Fire departments tackle nascent wildfire near Hoquiam

Multiple departments ccombined efforts to defang the fire before it could gain energy

Multiple fire departments tackled a wildfire near the intersection of U.S. Highway 101 and Ocean Beach Road Monday evening before it could spread.

Fire Districts 6, 7, 10, the Hoquiam Fire Department, and the Washington Department of Natural Resources all responded to the fire, said Hoquiam Fire Chief Matt Miller in an interview, knocking the fire down before it could spread beyond the capability of local resources.

“This was another combined effort of multiple departments. No single department in the county is capable of handling calls like this alone. We really appreciate District 10 coming from East Hoquiam and Wishkah and providing what they provided,” Miller said. “If somebody hadn’t called that in and we had gotten out there when we did, another 15-20 minutes, that would have gotten into the trees overhead. That would have been insane.”

The initial call was at 7:44 p.m. to Fire District 6, Miller said, of someone seeing a smoke plume over the hills. Hoquiam also gets the calls for fires in that area, Miller said.

“I responded because we weren’t sure where it was in relation to the city’s watershed. That’s a valuable asset for the city,” Miller said. “It ended up being on private property. It’s timberland, forest lands. The private property owner was on scene.”

Fire District 6 assets were on scene just ahead of HFD, Miller said. Responding firefighters initially requested assistance from the Hoquiam Police Department to locate the fire before they were able to find it without help.

“There’s been a few small fires in the same general area,” Miller said. “As my officer on the engine started heading out there and saw the smoke plume, he requested the city’s police bring the drone out there. Those drones are genius.”

Fire District 6 personnel had opened a gate and moved into the forest, Miller said. The fire was located about a mile to a mile and a half up a gravel road from Ocean Beach Road. The first firefighters on scene found a conflagration; an area about 50-by-100 feet with flames shooting dozens of feet into the air, Miller said.

“My engine company took command of the fire,” Miller said. “My officer on the engine requested additional resources while District 6 used their water tender to apply water to the fire.”

As both vehicles on scene shot their tanks dry suppressing the fire with thousands of gallons of water, additional assistance was requested Miller said; Districts 7 and 10 and DNR responded.

“We were able to keep it to where it was with the Fire District 6 tender applying water,” Miller said. “While they went to go refill their water tanks it began to flare back up.”

As reinforcements arrived, firefighters were able to get multiple hoses on the fire, battering down the blaze, knocking it down by around midnight, Miller said, while DNR carried out mop-up operations Tuesday morning.

“The landowner was able to bring some heavy equipment and shovel up some of the wood debris,” Miller said. “That was going to take a while and it was getting dark. We limited the on-scene crews. DNR responded back out this morning.”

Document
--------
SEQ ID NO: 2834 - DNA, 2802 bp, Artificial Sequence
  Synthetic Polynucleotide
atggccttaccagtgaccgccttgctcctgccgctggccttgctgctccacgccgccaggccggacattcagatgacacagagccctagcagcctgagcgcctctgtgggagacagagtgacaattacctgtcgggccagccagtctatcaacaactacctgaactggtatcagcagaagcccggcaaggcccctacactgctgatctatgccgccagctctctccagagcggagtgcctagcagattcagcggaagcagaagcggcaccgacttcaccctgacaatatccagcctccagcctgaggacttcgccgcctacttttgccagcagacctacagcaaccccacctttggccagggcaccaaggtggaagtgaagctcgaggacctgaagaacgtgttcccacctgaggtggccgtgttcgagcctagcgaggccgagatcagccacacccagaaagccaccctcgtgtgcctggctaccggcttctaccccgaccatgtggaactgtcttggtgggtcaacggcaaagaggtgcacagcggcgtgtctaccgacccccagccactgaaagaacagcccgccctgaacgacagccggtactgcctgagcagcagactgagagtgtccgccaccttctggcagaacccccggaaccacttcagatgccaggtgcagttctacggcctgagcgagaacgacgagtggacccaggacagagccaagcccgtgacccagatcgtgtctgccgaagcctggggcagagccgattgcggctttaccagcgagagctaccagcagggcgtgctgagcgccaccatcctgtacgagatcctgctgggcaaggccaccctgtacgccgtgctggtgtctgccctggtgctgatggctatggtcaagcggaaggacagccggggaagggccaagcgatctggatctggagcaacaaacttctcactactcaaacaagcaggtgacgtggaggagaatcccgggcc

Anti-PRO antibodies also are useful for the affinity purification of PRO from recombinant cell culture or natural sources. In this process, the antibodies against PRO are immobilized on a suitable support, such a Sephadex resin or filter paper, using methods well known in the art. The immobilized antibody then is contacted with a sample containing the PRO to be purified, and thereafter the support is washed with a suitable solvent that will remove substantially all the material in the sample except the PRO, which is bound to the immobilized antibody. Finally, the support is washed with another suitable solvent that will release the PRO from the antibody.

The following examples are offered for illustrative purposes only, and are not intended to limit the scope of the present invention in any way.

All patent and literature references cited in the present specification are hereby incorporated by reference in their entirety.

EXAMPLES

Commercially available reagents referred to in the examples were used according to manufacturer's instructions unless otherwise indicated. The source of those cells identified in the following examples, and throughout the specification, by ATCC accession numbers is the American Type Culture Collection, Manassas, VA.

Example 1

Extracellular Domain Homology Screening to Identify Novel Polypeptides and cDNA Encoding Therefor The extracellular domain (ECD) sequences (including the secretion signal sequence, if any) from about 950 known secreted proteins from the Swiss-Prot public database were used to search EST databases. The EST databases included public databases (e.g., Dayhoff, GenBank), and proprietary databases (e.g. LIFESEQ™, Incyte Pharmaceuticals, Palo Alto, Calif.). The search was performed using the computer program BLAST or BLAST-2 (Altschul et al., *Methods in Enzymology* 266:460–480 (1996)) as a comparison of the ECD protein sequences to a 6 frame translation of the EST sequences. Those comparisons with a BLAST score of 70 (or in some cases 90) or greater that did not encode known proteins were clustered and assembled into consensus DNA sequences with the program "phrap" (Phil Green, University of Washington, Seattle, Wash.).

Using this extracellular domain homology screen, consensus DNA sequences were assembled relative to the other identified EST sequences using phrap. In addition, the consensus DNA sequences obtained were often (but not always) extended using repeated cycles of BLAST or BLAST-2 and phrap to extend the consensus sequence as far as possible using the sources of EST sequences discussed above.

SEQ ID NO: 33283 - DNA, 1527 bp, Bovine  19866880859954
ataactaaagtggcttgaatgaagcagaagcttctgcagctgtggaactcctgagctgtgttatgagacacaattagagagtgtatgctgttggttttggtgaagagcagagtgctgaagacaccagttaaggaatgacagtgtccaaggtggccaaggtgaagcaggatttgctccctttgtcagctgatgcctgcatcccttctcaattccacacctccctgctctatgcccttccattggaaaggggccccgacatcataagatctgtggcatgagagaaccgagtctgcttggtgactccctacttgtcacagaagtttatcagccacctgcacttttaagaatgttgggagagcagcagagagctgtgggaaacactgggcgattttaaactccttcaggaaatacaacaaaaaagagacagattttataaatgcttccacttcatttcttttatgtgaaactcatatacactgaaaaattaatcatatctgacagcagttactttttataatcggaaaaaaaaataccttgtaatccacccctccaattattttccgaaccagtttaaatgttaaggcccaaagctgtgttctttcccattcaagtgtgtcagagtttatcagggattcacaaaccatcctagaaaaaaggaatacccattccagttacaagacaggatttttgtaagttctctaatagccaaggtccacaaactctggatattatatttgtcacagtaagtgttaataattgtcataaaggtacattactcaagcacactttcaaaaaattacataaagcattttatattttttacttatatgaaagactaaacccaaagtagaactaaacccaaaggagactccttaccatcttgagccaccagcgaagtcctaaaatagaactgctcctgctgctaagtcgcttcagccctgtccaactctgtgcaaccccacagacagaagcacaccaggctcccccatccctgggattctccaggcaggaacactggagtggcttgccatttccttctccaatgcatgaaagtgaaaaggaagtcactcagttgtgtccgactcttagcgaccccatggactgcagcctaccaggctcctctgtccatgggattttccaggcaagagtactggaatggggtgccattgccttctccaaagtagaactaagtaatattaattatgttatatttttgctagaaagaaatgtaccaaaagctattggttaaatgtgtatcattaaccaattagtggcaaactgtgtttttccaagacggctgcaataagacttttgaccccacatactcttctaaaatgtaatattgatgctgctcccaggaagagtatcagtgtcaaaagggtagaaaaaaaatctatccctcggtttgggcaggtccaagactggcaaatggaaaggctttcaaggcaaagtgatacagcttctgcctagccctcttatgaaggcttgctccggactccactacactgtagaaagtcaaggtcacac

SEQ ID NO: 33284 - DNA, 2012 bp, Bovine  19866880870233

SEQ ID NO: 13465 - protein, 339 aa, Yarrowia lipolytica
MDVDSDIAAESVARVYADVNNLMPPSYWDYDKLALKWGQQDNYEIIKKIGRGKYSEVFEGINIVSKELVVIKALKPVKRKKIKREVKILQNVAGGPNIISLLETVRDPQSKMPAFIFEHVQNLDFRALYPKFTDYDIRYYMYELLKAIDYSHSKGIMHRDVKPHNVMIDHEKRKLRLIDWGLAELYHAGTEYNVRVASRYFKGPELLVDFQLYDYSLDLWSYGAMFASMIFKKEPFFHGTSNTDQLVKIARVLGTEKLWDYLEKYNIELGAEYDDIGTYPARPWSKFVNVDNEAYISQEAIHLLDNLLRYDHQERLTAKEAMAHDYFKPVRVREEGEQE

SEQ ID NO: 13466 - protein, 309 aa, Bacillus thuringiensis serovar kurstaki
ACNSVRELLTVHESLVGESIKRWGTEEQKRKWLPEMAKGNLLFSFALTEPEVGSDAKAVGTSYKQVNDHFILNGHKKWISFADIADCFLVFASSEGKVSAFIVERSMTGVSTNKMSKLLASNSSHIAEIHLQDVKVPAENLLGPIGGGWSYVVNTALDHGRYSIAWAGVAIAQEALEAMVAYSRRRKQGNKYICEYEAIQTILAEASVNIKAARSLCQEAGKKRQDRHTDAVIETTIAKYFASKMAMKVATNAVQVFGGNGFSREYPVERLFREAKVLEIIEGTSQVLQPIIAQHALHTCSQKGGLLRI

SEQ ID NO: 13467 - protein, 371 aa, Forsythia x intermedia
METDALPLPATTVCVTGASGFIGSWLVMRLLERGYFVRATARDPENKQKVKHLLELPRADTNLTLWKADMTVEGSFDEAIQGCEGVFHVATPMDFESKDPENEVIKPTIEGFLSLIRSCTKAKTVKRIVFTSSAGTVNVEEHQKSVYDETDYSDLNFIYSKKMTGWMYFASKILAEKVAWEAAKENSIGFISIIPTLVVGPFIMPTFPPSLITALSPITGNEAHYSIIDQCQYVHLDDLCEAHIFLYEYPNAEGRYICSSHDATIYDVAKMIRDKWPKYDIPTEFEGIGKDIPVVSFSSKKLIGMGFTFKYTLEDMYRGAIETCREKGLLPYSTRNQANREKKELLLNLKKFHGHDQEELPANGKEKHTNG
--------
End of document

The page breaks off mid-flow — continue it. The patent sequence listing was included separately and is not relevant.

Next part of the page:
A total of 22 firefighters with 11 vehicles from all involved departments responded to the fire, Miller said. The cause of the fire is being investigated, Miller said.

Multiple departments responded to a burgeoning wildfire on Monday night near the intersection of 101 and Ocean Beach Road. (Courtesy photo / Hoquiam Fire Department)

Multiple departments responded to a burgeoning wildfire on Monday night near the intersection of 101 and Ocean Beach Road. (Courtesy photo / Hoquiam Fire Department)

Dry and dangerous

The region is under a heat warning issued by the National Weather Service, and a county-wide burn ban is in place as temperatures on the coast are expected to hit the low 90s. The conditions are extremely risky for fires right now, Miller said. Crews from across the state just finished servicing another wildfire near Moclips, handing control back over to the Quinault Fire Department Friday.

“Everything is super dry. Humidity is dropping. Temperature is increasing. Winds are blowing,” Miller said. “It’s the prime mix to either start a fire or have a fire expand out of control.”

Despite that, Miller said, some county residents have disregarded warnings.

“Across the county for the last two days, there’s been approximately 10 illegal burns, people having campfires or recreational fires in their backyards or on the beach,” Miller said. “It’s not the time or the weather conditions for that right now.”

This time of year is known for dry weather creating dangerous weather conditions, Miller said, though this year’s dry spell hit slightly earlier than it’s usual to see.

“Because of our location next to the water, it takes us a couple more months to start to dry out,” Miller said. “This might be a little drier than normal. We might be a little earlier than usual.”

The hot weather is expected to break, Miller said, but not yet. The NWS forecast has temperatures coming down by the end of the week.

“We got a couple days to go with hot dry weather,” Miller said. “It’s not good conditions to have a fire right now.”

Miller praised the interdepartmental cooperation for helping to smash down the fire before it could blossom into a major wildfire.

“It’s another good example of what we can do when we work together,” Miller said.